Edinburgh Science Festival 2023 turns the city into a living laboratory
- Edinburgh Science Festival 2023 is calling on everyone – let’s experiment! – and will deliver a world-class live programme getting people of all ages hands-on with science, embracing the concepts of experimentation, innovation, creativity, curiosity and invention that lie at the heart of all scientific disciplines.
- 2023 is a year of transition and stabilisation as the Festival builds on the success of previous recent editions and presents a rich programme of workshops, talks, activities and exhibitions all around the city.
- City Art Centre returns as the Festival’s premier family experience with new FutureFest and EarthFest themed weekends at the National Museum of Scotland bookmarking the Festival.
- Interactive activity Experimental Life and large-scale outdoor photography exhibition Cherish: Shaping Our Planet are just two examples of the Festival’s fantastic free events.
- As always, the Festival connects its audiences with some of the world’s most inspiring scientists, researchers and authors in Big Ideas talks: Edinburgh Medallist 2023 – Prof. Marion Nestle, Benita Matofska, Prof. Dame Jocelyn Bell Burnell, Lord Martin Rees, Florence Schechter of the Vagina Museum, Marcus Chown, Prof. Anil Seth, and author Louise Gray.
- On 6 April, A Climate of Change talk features First Minister Nicola Sturgeon in conversation with Ambassador Patricia Espinosa, former Executive Secretary of the United National Framework Convention on Climate Change (UNFCCC, 2016–2022).
Edinburgh Science Festival is the first and one of the most respected science festivals in the world, taking place over the Easter holidays, between 1 and 16 April. Known for producing world-class live events, this year’s Festival invites everyone to get hands-on with science and embrace the concepts of experimentation, innovation, creativity, curiosity and invention that lie at the heart of its 2023 theme – Let’s Experiment!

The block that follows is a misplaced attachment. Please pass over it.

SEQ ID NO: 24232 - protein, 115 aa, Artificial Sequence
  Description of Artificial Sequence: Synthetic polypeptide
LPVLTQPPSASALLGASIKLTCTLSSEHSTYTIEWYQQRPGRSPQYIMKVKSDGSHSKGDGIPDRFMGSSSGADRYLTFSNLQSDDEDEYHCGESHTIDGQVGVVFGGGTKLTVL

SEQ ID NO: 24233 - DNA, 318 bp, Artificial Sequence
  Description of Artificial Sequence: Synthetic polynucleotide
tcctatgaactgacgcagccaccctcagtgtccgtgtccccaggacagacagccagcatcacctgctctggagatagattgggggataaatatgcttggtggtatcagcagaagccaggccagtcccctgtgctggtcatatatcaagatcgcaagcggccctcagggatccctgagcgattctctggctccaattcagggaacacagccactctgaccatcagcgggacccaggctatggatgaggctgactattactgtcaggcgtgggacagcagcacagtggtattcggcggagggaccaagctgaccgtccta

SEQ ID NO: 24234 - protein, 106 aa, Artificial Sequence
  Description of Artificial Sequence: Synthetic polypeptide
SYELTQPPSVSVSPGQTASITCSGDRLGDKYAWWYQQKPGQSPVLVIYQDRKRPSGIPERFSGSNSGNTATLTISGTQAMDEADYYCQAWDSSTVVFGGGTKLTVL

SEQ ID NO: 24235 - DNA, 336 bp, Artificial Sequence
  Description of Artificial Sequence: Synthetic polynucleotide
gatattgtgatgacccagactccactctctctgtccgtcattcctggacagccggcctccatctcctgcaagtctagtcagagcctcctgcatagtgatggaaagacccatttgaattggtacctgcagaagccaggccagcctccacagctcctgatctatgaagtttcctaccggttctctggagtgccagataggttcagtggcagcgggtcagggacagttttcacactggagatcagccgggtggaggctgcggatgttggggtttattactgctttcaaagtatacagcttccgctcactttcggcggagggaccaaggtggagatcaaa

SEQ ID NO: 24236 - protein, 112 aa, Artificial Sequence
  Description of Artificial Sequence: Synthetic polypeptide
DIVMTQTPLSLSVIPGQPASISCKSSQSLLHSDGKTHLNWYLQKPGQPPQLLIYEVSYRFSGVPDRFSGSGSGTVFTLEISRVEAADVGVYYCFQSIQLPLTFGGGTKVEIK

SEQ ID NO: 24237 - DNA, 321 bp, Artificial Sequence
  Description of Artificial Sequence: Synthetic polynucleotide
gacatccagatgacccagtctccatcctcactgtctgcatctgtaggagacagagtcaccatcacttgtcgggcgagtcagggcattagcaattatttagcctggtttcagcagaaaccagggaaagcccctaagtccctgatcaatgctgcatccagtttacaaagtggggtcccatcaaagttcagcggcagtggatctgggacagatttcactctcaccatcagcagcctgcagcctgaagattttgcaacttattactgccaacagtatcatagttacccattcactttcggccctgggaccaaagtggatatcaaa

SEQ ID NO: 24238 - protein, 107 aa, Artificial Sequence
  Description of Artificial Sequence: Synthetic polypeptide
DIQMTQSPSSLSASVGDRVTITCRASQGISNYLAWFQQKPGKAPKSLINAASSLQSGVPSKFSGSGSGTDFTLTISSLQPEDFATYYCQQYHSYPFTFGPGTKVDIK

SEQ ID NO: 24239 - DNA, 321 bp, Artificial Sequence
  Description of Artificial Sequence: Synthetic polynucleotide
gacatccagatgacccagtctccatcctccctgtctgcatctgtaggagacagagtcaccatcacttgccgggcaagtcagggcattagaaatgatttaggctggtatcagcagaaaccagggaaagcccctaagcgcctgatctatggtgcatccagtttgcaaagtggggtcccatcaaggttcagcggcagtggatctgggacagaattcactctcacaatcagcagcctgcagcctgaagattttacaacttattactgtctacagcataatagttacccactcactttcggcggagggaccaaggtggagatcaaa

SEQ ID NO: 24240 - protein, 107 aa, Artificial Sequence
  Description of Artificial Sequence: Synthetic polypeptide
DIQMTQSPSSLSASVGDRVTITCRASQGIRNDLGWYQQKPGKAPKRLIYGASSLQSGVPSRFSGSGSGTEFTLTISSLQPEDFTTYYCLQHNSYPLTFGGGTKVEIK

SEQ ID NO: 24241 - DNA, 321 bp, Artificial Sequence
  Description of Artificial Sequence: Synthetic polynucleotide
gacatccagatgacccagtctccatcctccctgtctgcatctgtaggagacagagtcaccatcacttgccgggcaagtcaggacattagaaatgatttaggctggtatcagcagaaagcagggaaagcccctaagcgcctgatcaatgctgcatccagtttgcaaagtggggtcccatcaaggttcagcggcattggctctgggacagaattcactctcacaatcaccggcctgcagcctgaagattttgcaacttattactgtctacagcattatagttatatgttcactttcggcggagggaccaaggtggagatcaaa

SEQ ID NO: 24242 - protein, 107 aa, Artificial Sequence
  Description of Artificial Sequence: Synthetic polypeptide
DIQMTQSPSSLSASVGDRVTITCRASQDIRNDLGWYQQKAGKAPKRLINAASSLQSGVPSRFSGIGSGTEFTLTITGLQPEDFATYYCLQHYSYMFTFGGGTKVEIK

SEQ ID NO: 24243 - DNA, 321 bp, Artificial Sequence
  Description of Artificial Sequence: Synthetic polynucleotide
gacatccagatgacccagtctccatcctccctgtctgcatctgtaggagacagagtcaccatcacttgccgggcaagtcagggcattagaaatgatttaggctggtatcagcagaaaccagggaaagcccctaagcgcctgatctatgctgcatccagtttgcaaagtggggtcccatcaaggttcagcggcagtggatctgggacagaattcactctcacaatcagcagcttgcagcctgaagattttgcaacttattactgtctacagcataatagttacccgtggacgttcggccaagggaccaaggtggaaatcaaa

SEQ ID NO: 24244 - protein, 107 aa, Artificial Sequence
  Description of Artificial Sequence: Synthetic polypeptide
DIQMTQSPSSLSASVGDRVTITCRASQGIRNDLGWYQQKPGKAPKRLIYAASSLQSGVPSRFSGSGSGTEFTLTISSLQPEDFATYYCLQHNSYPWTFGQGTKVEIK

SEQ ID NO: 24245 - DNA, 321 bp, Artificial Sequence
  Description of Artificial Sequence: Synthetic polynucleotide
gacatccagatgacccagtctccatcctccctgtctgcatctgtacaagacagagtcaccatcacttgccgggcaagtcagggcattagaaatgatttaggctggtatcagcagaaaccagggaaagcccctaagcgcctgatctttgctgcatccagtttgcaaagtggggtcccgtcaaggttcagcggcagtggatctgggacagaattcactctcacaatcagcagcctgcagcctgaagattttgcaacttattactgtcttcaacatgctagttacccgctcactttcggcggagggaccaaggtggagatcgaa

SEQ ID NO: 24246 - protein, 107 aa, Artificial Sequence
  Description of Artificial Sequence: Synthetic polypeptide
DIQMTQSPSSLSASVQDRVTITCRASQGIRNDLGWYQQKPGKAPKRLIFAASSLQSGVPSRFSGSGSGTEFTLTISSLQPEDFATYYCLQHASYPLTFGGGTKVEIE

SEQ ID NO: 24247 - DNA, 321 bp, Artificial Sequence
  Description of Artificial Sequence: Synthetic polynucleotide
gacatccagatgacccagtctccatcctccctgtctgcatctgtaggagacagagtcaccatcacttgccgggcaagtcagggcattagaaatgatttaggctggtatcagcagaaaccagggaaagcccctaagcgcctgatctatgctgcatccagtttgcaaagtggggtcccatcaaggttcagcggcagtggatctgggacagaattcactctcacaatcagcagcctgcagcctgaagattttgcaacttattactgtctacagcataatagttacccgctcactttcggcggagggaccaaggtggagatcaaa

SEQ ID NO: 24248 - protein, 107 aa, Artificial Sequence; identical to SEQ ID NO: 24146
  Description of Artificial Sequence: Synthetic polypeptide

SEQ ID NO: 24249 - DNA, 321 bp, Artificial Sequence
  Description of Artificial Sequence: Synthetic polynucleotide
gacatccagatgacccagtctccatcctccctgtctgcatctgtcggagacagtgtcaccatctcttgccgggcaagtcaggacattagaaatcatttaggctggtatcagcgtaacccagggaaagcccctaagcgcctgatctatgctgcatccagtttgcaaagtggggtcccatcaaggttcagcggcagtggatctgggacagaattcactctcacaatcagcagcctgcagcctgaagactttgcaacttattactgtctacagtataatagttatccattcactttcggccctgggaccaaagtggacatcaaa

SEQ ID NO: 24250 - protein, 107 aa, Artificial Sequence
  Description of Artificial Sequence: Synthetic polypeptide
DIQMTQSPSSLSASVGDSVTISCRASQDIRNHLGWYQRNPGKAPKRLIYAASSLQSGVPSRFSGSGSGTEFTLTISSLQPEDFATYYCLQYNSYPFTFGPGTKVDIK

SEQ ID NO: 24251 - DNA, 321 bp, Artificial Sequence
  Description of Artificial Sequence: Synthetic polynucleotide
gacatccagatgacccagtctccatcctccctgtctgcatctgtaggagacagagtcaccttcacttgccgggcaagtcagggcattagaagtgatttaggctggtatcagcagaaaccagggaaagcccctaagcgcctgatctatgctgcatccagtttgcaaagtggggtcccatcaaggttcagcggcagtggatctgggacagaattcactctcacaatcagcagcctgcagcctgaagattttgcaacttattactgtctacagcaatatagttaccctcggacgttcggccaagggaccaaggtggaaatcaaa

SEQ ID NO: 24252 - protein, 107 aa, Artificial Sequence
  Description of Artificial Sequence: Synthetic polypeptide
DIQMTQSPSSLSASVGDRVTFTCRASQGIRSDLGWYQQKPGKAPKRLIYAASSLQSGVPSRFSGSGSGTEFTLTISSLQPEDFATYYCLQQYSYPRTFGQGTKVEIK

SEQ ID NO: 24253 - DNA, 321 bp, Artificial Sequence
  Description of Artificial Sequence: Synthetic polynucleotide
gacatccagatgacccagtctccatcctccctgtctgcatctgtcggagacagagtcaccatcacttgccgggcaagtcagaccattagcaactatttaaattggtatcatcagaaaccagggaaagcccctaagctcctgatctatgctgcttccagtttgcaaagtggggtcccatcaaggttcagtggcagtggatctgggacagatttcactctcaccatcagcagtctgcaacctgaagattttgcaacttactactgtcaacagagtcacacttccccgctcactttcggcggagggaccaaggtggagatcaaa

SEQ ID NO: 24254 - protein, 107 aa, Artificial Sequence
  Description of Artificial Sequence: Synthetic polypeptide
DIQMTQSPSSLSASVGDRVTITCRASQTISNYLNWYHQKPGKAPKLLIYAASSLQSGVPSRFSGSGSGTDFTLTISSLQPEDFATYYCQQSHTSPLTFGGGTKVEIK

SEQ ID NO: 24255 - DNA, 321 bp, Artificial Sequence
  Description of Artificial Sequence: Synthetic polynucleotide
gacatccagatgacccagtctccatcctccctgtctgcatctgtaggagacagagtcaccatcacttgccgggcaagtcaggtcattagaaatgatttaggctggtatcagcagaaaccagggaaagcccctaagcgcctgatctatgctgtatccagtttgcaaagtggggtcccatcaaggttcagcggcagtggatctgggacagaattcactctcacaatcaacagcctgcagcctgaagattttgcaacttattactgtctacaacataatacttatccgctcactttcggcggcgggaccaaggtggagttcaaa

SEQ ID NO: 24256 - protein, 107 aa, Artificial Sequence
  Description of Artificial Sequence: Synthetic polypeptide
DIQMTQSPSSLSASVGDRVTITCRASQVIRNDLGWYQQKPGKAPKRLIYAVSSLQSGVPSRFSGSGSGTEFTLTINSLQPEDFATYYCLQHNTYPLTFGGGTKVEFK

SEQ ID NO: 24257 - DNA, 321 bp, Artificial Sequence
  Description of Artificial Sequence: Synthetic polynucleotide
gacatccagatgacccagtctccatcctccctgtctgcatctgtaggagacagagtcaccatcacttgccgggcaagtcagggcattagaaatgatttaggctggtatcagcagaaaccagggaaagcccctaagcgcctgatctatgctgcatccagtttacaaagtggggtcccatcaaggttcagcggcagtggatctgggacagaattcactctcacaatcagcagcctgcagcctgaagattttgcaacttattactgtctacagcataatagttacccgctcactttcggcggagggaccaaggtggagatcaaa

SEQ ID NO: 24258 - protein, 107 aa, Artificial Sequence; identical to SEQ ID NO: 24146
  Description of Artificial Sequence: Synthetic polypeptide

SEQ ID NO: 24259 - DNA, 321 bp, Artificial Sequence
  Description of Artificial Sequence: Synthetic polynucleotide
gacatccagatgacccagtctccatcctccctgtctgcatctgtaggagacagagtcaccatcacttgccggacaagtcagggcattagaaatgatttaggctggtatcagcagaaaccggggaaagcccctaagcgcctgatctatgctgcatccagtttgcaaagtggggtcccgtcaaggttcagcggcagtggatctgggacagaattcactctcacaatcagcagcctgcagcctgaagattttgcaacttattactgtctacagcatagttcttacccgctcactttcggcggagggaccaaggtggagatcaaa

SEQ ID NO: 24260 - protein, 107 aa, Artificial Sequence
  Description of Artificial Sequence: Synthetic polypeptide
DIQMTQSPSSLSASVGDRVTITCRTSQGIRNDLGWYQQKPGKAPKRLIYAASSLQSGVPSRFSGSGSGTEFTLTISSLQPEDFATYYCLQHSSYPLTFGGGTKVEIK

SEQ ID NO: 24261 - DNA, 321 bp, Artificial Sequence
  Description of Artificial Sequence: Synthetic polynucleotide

With innovation and creative thinking across disciplines essential if we are to harness the opportunities and deal with the potential perils and pitfalls of our rapidly changing world, the Festival brings together innovators – scientists, researchers and practitioners – who push the frontiers of our knowledge about ourselves and the wider Universe, and sci-curious audiences of all ages for a variety of talks, workshops and activities in venues around the city.
The Festival also becomes a living laboratory thanks to its experimentation with formats, approaches, and partnerships as it provides new and innovative ways for audiences to interact with science and scientists.
Amanda Tyndall, Festival and Creative Director at Edinburgh Science said: “As we emerge from the disruption of the past few years and confront ongoing wider-world challenges, we remain in a period of transition and stabilisation but are excited by a whole-hearted return to live, hands-on science experiences. We call on audiences of all ages to join us in celebrating all things experimental!”
This year’s programme is spread across 31 venues and locations around Edinburgh and one-third of it is free to access.
Edinburgh Science Festival continues its commitment to championing the achievements of women in science and science communication, and strive for a balance representation of gender in its programming. With 60% of artists and speakers at the Festival identifying as women, this year’s programme offers an invaluable opportunity to hear from some of the world’s leading experts in their fields. Just some of the highlights of this year’s Women in STEM programme, sponsored by Cirrus Logic, include The Edinburgh Medal Address with Prof. Marion Nestle (12 April), The Long Shot (12 April) with Dame Kate Bingham, Chair of the UK Vaccine Taskforce 2020, Demystifying Bisexuality (14 April) with psychologist Dr Julia Shaw and The N Most Important Symbol in Mathemathics (5 April) with mathematician Katie Steckles.